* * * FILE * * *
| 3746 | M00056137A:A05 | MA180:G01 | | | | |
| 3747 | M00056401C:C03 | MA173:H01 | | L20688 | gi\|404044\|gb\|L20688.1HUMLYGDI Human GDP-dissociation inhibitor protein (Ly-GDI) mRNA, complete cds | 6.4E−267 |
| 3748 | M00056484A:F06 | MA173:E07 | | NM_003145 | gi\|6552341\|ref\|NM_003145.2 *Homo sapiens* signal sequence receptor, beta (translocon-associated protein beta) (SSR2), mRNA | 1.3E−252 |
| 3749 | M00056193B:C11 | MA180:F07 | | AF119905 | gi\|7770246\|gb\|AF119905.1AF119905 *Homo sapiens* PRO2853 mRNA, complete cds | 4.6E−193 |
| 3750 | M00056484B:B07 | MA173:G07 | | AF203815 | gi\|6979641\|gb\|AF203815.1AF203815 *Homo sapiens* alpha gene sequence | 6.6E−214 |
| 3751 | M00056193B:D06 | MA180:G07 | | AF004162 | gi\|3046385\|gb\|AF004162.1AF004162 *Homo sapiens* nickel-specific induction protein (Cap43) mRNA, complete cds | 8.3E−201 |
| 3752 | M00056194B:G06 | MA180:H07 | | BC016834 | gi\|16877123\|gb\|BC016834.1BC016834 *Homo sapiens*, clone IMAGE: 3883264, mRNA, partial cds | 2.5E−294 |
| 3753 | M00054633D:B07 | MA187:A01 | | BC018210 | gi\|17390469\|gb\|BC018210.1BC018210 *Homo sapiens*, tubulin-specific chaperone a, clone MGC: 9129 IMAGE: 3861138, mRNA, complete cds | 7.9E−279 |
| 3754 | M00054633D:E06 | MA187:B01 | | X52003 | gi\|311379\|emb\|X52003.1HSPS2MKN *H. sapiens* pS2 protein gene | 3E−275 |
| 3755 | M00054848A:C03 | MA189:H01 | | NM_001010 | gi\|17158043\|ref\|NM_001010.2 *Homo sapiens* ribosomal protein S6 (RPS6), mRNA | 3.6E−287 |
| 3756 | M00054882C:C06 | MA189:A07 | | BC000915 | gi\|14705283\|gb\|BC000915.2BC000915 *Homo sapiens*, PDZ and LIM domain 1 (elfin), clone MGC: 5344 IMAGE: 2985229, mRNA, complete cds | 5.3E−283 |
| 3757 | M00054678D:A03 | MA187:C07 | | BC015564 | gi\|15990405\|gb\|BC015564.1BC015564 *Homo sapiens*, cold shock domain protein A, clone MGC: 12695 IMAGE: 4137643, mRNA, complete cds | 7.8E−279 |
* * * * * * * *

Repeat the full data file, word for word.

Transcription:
| 3746 | M00056137A:A05 | MA180:G01 | | | | |
| 3747 | M00056401C:C03 | MA173:H01 | | L20688 | gi\|404044\|gb\|L20688.1HUMLYGDI Human GDP-dissociation inhibitor protein (Ly-GDI) mRNA, complete cds | 6.4E−267 |
| 3748 | M00056484A:F06 | MA173:E07 | | NM_003145 | gi\|6552341\|ref\|NM_003145.2 *Homo sapiens* signal sequence receptor, beta (translocon-associated protein beta) (SSR2), mRNA | 1.3E−252 |
| 3749 | M00056193B:C11 | MA180:F07 | | AF119905 | gi\|7770246\|gb\|AF119905.1AF119905 *Homo sapiens* PRO2853 mRNA, complete cds | 4.6E−193 |
| 3750 | M00056484B:B07 | MA173:G07 | | AF203815 | gi\|6979641\|gb\|AF203815.1AF203815 *Homo sapiens* alpha gene sequence | 6.6E−214 |
| 3751 | M00056193B:D06 | MA180:G07 | | AF004162 | gi\|3046385\|gb\|AF004162.1AF004162 *Homo sapiens* nickel-specific induction protein (Cap43) mRNA, complete cds | 8.3E−201 |
| 3752 | M00056194B:G06 | MA180:H07 | | BC016834 | gi\|16877123\|gb\|BC016834.1BC016834 *Homo sapiens*, clone IMAGE: 3883264, mRNA, partial cds | 2.5E−294 |
| 3753 | M00054633D:B07 | MA187:A01 | | BC018210 | gi\|17390469\|gb\|BC018210.1BC018210 *Homo sapiens*, tubulin-specific chaperone a, clone MGC: 9129 IMAGE: 3861138, mRNA, complete cds | 7.9E−279 |
| 3754 | M00054633D:E06 | MA187:B01 | | X52003 | gi\|311379\|emb\|X52003.1HSPS2MKN *H. sapiens* pS2 protein gene | 3E−275 |
| 3755 | M00054848A:C03 | MA189:H01 | | NM_001010 | gi\|17158043\|ref\|NM_001010.2 *Homo sapiens* ribosomal protein S6 (RPS6), mRNA | 3.6E−287 |
| 3756 | M00054882C:C06 | MA189:A07 | | BC000915 | gi\|14705283\|gb\|BC000915.2BC000915 *Homo sapiens*, PDZ and LIM domain 1 (elfin), clone MGC: 5344 IMAGE: 2985229, mRNA, complete cds | 5.3E−283 |
| 3757 | M00054678D:A03 | MA187:C07 | | BC015564 | gi\|15990405\|gb\|BC015564.1BC015564 *Homo sapiens*, cold shock domain protein A, clone MGC: 12695 IMAGE: 4137643, mRNA, complete cds | 7.8E−279 |